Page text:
Guide to The Open Championship’s 150-year history

Since 1860 when it began, The Open has been held at 14 different golf courses across England, Scotland, and Northern Ireland. In 2022, it returned to the home of golf, St Andrews, on its 150th event for four days of thrilling action from the world’s finest golfers.

The 2021 winner, Colin Morikawa, took the glory at Royal St Georges Golf Club in Lytham. In 2022, the winner was Cameron Smith from Australia. 

The Swilcan Bridge at St Andrews Old CourseThe Open’s History

We take a brief look at the rich history of The Open event as it’s evolved over the last century and a half.

1860 – How The Open began. The 1st Open is played in 1860 at Prestwick, in Scotland. Willie Park Senior becomes the first ever winner of The Open.

1862 Tom Morris Senior wins The Open by 13 strokes – an Open record that still stands to this day.

1872 – The iconic silver claret jug was introduced after Prestwick, the Honourable Company of Edinburgh Golfers and The Royal and Ancient Golf Club all agreed to pool £10 each towards creating it.

1873 – The Open was played at St Andrews for the first time.

Views on a green at St Andrews Old Course

1907 – Frenchman Arnaud Massy becomes the first non-British winner.

1921 – Eleven US golfers travel to Scotland to take part after Golf Illustrated magazine launched a successful campaign to obtain funding for them

1922 – Walter Hagen becomes the first US winner of the competition and goes on to win an additional three times in his playing career.

1939 – Englishman Dick Burton wins the event before a break between 1940 and 1945 due to the outbreak of World War II.  

1946 – The Open returns to St Andrews after World War II is over.

1953 – Ben Hogan adds The Open after already winning the Masters and US Open, to receive the ‘Triple Crown’. He returned to New York City and received a ticker-tape parade such was the feat of his achievement. 

1959 – South African sensation Gary Player wins the first of his three Opens. The following years see Player, Arnold Palmer, and Jack Nicklaus tussle year after year

1961 – Arnold Palmer wins his first Open Championship after coming second in his first attempt in the previous year. He went on to retain the title in 1962.

1977 – Turnberry hosted the event for the first time which saw Tom Watson and Jack Nicklaus duel before Watson took the title in one of golf’s most dramatic contests as it went to the final shot.

1980 – Tom Watson continues his incredible form in the competition by winning the third of his five Open titles, this time at Muirfield, with additional wins in 1982 and 1983 at Royal Troon and Royal Birkdale respectively.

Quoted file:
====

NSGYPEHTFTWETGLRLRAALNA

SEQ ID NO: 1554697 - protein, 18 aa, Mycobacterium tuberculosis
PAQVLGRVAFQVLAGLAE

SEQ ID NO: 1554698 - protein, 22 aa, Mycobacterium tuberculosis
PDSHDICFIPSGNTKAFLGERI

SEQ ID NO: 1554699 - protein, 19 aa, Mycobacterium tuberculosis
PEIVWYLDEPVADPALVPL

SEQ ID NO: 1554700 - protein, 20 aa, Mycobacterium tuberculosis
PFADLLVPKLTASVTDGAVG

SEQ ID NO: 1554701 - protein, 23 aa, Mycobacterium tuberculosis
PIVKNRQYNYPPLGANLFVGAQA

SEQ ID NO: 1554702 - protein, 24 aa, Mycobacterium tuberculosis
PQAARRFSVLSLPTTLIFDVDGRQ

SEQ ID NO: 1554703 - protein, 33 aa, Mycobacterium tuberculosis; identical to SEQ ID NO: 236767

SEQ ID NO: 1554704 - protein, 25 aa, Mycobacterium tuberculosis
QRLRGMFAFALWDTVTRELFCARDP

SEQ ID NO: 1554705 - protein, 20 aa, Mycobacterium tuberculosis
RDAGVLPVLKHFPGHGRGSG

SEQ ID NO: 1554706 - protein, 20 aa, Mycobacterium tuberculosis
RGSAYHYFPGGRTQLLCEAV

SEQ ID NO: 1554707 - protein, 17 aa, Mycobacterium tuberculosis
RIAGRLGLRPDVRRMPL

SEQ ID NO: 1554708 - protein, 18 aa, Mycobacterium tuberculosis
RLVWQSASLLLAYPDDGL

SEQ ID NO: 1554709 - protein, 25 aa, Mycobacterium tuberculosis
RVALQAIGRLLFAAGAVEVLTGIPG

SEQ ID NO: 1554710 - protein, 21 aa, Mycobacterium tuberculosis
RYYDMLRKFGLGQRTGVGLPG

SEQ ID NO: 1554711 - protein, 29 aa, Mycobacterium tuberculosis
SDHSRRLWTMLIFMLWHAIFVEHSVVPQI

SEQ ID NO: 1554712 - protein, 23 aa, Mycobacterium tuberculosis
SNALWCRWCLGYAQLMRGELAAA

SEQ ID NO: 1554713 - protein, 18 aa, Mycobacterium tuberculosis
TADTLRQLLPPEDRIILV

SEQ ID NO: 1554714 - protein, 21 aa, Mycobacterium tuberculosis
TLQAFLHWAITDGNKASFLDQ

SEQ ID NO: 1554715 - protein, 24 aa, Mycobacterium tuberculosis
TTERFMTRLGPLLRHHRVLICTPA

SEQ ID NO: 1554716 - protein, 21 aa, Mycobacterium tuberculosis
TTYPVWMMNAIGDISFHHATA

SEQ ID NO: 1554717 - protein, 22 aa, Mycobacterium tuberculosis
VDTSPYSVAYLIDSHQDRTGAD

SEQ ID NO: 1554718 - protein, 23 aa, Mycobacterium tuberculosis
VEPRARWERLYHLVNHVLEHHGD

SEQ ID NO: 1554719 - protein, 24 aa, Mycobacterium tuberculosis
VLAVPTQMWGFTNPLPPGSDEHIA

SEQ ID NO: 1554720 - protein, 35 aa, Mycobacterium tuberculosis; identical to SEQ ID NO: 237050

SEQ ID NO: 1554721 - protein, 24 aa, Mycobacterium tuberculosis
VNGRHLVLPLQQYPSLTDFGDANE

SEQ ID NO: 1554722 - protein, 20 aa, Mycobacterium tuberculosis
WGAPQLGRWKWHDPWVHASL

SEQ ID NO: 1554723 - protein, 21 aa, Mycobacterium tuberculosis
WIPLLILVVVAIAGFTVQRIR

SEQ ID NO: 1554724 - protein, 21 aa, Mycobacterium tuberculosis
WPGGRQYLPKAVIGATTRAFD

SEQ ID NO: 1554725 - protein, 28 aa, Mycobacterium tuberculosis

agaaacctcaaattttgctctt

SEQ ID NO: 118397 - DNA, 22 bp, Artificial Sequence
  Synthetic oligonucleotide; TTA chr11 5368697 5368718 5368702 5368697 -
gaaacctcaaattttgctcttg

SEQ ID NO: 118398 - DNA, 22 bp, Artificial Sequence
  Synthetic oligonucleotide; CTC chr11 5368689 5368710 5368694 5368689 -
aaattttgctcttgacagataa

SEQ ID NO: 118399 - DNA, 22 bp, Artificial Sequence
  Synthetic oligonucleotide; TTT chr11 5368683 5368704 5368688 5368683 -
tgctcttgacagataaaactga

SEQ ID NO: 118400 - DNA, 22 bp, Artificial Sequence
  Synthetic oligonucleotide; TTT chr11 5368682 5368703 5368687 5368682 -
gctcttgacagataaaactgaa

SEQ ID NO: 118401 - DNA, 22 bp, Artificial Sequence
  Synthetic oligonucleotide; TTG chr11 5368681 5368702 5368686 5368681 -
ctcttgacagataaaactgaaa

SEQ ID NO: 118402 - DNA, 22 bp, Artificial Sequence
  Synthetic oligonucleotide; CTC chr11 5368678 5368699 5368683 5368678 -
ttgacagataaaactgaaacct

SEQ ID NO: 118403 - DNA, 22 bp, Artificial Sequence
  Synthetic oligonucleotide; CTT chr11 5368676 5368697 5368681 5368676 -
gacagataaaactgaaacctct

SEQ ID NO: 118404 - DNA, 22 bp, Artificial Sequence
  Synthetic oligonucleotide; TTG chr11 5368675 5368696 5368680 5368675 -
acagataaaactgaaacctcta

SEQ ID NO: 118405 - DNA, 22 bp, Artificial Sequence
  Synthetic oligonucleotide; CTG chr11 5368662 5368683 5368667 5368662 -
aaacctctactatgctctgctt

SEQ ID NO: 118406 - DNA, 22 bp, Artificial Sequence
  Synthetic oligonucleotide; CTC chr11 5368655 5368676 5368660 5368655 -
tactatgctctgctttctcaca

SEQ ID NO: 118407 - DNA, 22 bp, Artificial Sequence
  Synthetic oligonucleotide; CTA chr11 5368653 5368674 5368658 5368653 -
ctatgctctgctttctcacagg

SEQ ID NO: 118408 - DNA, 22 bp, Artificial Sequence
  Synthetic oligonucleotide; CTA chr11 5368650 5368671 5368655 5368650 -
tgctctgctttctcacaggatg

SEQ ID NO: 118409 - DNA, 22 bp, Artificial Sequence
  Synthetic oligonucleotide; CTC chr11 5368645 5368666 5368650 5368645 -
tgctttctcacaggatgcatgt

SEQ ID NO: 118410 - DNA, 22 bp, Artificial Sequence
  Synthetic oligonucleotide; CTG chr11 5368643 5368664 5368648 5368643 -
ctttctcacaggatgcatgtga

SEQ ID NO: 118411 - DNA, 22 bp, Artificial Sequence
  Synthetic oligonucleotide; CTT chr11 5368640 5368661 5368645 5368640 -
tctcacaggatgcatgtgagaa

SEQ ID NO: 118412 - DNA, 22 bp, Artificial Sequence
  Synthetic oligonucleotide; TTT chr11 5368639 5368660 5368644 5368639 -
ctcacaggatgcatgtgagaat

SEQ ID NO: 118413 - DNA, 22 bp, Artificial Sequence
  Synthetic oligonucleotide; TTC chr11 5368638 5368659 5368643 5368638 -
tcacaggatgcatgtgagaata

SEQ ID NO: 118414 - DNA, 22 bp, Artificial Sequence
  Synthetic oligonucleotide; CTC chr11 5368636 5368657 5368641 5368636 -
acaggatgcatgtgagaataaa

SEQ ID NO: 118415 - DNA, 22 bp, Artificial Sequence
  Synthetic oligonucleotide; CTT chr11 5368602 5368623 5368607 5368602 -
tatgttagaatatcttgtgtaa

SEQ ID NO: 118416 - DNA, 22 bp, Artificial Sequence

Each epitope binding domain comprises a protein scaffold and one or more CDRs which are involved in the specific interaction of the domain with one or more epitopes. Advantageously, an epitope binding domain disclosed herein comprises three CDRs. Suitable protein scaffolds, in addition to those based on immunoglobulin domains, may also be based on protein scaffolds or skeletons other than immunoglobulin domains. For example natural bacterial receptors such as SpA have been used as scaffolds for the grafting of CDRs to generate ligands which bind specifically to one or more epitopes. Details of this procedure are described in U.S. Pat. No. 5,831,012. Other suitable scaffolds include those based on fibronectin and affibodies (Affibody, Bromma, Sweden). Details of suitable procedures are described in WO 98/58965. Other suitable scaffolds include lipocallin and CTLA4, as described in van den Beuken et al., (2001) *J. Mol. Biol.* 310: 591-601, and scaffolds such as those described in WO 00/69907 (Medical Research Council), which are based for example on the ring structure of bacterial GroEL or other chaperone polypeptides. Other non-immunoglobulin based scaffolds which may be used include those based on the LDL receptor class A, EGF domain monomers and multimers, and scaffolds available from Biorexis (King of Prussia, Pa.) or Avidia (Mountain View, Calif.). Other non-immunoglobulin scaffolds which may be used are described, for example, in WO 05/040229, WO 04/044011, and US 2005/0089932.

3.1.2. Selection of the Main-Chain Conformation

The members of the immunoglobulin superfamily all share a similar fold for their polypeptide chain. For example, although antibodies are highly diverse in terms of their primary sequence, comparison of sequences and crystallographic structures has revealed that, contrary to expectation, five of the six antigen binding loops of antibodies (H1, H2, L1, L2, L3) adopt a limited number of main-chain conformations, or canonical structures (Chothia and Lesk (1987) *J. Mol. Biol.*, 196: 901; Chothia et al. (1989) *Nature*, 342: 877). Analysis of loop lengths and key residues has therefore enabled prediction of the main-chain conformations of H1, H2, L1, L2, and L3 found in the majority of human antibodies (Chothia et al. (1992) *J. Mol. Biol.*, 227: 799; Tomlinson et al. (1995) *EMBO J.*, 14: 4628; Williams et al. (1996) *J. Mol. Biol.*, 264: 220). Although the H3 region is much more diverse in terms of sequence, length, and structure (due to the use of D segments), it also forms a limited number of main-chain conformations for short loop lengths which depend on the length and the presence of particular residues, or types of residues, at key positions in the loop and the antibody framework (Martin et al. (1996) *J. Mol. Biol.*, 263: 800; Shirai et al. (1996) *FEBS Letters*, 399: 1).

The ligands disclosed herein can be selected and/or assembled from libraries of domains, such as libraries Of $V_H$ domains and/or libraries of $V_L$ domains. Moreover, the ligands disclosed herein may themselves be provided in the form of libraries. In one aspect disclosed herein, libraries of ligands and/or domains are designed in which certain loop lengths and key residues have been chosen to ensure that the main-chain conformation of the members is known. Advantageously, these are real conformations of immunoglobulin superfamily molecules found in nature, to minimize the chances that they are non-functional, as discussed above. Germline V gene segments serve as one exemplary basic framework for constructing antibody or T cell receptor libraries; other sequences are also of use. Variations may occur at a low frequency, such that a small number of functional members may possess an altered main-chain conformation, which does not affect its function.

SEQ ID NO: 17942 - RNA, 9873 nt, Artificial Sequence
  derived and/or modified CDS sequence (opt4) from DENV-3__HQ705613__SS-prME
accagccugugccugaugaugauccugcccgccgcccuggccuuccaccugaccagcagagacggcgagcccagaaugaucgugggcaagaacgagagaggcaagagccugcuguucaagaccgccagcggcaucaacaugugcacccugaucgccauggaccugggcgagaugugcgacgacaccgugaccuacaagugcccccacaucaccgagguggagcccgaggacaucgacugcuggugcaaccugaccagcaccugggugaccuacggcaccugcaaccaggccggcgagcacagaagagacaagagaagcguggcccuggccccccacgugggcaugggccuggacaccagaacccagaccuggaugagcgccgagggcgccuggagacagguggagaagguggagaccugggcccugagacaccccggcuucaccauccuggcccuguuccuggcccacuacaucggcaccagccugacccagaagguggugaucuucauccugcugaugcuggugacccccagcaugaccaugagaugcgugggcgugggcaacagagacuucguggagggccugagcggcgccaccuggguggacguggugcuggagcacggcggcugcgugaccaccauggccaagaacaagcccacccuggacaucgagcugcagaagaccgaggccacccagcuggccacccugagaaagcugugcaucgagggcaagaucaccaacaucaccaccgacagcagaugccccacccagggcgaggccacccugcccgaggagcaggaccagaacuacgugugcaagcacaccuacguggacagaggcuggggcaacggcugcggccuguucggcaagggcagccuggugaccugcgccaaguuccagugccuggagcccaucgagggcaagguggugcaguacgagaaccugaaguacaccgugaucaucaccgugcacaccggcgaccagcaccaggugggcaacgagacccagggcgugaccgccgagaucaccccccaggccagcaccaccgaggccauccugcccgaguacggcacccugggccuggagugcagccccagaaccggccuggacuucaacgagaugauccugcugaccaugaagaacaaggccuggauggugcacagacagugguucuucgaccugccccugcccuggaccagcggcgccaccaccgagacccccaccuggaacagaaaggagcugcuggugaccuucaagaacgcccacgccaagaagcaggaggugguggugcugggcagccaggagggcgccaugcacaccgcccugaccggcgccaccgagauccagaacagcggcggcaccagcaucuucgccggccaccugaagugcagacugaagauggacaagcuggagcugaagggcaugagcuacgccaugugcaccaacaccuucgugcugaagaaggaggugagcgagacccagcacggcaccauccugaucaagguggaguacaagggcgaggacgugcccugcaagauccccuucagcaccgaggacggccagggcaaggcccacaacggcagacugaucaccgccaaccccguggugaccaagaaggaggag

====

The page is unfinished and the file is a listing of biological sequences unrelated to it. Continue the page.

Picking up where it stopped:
1994 – For the next ten years, the competition was won by a first time winner every year including wins for Nick Price, John Daly, Paul Lawrie, and David Duvall.

1999 – Jean van de Velde (ranked 152nd in the world) loses a three shot lead to eventual winner Paul Lawrie on the 18th hole after being in pole position in the competition, resulting in those iconic scenes of him removing his shoes and socks to inspect the feasibility of playing out from Barry Burn, the water hazard.  

2000 – Tiger Woods becomes champion at St Andrews at age 24, winning by a post war record of 8 strokes. 

2020 – The Open Championship is cancelled for the first time since World War II due to the Covid-19 pandemic..

2021 – The competition returned at the proposed venue for 2020, Royal St Georges, which was cancelled due to the pandemic, allowing for St Andrews to host the 150th event in 2022. 

2022 – The 2022 Open played at the Old Course in St Andrews. It was won by Australian Cameron Young.

When Is The Open Championship Usually Held?

The Open Championship takes place in July on a rotation between selected venues. This competition is one of the four men’s major golf tournaments (Masters, PGA Championship & US Open the other three). 

The 150th Open

Where was the 150th Open Championship Played?

The 150th Open Championship was played at St Andrews Old Course in 2022.

St Andrews Old Course is a Par 72 and stretches 7,305 yards. The course record is 61 shot by European Tour member Ross Fisher in 2017. It has iconic characteristics including The Swilcan Bridge, Hell Bunker (as well as the other 111 bunkers!) and its position by the coast with its unforgiving elements.  

St Andrews Old Course

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